I just finished a book — Richard Price’s excellent “Lush Life” — hardly a noteworthy feat except it’s the first book I’ve read cover to cover in several months. It languished for years on my reading list, which has itself grown longer by the week. In fact, of all the books I’ve read in my life, a shockingly small percentage have been read in the past several years.
This has a lot to do with the people who write, publish and sell books. The big threat to Amazon’s Kindle isn’t people reading e-books on the iPad or the Nook. It’s that books are becoming fringe media.
That’s not to say that books are dying. They’ll always be around, and Amazon can count on a loyal audience for Kindles for some time. Kindle owners say they’re reading more books, although they remain a small portion of the population. But notably, according to an informal survey of Kindle devotees, 59 percent of people who buy the e-readers are over 55. Meanwhile, as a NEA study pointed out two years ago, people under 25 were already doing most of their reading on the web, with only 7 minutes a day devoted to books.
Since that NEA report appeared, the shift in our attention to the web from books has intensified. Just in the past month, I’ve heard several friends — some whose careers are dedicated to writing books — say they are reading fewer of them, if they read them at all. The main culprit that they cite is the web. Whether published in ink or pixels, books are facing tough competition from updates, posts, and a blizzard of free, brief and ephemeral writings that distract eyeballs from the task of digesting 300 pages of text.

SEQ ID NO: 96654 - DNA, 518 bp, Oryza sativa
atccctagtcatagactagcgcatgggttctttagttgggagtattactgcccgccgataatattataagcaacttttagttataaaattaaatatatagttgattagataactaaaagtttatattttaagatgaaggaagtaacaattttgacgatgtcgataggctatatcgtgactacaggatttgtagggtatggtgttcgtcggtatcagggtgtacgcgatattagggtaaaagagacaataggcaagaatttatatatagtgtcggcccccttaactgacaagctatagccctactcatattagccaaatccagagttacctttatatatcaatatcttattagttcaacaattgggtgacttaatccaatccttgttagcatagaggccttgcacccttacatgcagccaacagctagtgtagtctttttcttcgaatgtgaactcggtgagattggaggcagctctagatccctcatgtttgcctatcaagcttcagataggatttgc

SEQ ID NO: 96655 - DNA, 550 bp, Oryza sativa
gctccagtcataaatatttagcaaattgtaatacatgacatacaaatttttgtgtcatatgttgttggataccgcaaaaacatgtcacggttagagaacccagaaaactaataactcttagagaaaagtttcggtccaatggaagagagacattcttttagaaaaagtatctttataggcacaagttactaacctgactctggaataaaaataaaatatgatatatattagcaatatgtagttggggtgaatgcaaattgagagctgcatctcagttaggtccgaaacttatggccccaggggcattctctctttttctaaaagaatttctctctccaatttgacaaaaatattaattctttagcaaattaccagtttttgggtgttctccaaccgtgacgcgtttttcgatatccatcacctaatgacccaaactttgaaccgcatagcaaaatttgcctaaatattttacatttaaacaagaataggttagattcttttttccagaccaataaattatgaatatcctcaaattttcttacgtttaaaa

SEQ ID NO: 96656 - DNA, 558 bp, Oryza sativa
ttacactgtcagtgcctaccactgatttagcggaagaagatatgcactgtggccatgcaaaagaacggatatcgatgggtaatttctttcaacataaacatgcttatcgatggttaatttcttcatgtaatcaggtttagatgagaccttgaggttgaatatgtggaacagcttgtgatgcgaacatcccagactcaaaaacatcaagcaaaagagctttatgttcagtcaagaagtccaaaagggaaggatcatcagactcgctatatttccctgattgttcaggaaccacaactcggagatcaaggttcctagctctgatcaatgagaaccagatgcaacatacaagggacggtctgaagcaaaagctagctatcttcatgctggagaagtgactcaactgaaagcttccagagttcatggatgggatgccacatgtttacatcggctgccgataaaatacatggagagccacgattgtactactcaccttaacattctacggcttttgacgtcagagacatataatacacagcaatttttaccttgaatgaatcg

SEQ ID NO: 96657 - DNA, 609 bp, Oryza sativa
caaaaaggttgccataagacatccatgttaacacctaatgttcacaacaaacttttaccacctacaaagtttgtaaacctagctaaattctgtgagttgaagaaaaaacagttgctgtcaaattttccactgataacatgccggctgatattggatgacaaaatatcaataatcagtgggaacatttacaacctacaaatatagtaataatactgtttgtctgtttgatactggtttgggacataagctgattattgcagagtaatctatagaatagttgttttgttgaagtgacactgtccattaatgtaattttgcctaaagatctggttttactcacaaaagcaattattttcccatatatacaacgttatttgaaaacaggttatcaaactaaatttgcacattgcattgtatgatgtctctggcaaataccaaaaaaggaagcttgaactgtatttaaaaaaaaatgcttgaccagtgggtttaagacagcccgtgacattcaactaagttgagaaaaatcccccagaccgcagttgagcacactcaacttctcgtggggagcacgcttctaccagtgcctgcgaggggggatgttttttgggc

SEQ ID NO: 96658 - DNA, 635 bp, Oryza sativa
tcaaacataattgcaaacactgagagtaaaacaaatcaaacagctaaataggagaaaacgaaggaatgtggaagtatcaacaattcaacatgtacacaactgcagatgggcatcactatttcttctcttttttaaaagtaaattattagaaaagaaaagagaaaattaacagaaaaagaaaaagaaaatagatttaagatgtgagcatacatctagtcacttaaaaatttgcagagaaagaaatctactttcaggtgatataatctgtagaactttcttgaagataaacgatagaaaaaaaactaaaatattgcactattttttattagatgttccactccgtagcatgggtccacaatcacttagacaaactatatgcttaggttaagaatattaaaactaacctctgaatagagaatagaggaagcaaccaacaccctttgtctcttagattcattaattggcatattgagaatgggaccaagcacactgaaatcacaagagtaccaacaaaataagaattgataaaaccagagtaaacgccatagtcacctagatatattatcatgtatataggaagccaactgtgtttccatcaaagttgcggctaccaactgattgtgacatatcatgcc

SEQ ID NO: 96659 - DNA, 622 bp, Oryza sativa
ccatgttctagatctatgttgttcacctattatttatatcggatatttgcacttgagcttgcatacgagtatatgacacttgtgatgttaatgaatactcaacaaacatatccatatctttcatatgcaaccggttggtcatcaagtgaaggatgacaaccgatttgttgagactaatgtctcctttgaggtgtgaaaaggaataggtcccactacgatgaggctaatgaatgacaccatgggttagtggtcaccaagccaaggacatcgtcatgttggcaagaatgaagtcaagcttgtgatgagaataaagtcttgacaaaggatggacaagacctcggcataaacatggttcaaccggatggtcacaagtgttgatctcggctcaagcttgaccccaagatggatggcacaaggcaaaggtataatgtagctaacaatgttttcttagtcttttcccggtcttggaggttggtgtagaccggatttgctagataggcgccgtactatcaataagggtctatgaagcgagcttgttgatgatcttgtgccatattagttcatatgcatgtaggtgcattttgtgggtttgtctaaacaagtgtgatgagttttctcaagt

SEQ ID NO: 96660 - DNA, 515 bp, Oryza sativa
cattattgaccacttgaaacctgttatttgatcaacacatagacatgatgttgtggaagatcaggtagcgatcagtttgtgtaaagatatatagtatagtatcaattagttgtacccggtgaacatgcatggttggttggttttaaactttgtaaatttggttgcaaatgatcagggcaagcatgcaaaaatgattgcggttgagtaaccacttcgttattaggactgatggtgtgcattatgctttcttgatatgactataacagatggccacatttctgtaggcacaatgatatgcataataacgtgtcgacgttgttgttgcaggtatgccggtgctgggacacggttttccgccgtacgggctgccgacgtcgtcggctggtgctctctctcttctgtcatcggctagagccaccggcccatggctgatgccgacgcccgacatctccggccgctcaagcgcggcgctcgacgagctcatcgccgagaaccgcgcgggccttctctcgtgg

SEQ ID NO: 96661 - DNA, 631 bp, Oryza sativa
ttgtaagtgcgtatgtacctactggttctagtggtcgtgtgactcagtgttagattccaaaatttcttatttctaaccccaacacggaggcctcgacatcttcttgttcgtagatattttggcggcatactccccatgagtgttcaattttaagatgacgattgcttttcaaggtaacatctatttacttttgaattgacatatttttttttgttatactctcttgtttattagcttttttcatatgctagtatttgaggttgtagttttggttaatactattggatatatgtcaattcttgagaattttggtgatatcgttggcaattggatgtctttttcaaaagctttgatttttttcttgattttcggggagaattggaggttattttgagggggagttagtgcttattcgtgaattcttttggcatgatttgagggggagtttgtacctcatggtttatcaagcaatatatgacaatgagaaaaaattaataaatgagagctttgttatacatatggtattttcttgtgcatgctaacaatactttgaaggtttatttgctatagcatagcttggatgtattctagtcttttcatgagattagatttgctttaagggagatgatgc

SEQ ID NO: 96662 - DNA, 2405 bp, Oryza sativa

Book publishers may be hoping the iPad and other tablets will solve this problem, but I think such devices are only going to make things worse. Electronic books may have a place on the iPad’s home screen, but they will be battling for attention against dozens of other web apps: games, news, social feeds and so on. In the end, not being a multifunction tablet may be the virtue that saves the Kindle: It’s a refuge from the distractions of the web, a quiet garden walled off from the web except to download a book.
Like other media, books will change to adapt to the new readers, and I think this means less non-fiction. Even before the web, all business books — and the majority of non-fiction books — struck me as 1,000-word pamphlets puffed out to book length with heroic amounts of filler. So if some books are forced to condense to keep our attention, so much the better.
As for fiction, there will always be an audience for people who know how to tell good stories. According to Nielsen BookScan, sales of non-fiction books fell 7 percent in 2009, while adult fiction rose 3 percent. There may well be a home for fiction in a world where the web takes up an ever larger portion of our mind share, but novels — like books and e-readers in general — will have to fight their way back from the fringe.
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